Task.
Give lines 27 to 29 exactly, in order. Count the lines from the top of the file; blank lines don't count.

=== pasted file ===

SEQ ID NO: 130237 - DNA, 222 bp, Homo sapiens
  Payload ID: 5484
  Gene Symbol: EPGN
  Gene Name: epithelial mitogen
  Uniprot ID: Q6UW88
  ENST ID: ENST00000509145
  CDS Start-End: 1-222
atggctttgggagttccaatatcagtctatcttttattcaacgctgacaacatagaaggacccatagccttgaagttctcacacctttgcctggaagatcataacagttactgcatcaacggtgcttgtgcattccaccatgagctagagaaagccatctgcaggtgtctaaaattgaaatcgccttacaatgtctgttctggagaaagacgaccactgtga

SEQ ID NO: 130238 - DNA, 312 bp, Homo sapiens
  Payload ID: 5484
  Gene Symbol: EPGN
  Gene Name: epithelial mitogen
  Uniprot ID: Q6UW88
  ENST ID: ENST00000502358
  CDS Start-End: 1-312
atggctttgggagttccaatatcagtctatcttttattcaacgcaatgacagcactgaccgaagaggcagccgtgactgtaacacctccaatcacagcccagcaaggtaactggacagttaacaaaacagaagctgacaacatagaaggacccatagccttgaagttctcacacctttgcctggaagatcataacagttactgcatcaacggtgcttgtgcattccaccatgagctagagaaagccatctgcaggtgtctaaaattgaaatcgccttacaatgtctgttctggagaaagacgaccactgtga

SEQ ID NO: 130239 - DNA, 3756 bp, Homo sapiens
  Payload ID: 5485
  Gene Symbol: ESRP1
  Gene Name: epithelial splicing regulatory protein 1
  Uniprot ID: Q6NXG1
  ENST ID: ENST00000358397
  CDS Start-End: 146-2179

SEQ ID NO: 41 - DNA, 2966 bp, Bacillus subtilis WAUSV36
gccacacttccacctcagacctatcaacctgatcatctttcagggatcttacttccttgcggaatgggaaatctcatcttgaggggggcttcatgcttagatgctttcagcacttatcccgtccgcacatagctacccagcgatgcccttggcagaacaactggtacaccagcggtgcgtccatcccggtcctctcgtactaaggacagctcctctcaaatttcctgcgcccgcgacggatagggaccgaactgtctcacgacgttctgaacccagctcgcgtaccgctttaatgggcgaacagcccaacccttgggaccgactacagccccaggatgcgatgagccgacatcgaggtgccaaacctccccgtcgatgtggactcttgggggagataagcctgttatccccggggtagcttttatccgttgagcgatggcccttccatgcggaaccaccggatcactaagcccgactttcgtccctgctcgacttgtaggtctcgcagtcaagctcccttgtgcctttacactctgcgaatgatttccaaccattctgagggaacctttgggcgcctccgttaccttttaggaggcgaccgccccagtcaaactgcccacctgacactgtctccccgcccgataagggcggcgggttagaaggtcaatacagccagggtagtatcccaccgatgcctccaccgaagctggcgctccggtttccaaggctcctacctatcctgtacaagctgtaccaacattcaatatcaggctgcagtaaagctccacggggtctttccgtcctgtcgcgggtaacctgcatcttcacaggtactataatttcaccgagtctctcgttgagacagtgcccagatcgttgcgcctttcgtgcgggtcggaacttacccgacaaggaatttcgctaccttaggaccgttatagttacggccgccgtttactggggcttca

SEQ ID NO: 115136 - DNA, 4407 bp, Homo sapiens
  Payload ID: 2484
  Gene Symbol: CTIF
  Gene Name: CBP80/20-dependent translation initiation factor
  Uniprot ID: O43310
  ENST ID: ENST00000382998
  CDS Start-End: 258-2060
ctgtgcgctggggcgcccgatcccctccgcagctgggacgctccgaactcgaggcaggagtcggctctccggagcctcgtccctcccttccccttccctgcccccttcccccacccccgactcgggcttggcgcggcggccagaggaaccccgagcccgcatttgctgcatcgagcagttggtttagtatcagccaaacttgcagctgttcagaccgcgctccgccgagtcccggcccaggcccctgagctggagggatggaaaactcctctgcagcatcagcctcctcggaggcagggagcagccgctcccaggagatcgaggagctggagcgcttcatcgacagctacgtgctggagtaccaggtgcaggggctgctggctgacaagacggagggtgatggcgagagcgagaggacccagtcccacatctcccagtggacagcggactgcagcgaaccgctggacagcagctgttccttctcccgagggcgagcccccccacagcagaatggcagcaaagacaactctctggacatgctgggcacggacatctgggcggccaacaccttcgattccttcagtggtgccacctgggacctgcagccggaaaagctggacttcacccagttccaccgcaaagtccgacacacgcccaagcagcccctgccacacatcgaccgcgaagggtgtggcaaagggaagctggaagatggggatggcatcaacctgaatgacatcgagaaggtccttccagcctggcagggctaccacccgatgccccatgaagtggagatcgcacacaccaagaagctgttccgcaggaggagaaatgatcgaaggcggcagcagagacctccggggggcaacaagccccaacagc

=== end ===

  Payload ID: 2484
  Gene Symbol: CTIF
  Gene Name: CBP80/20-dependent translation initiation factor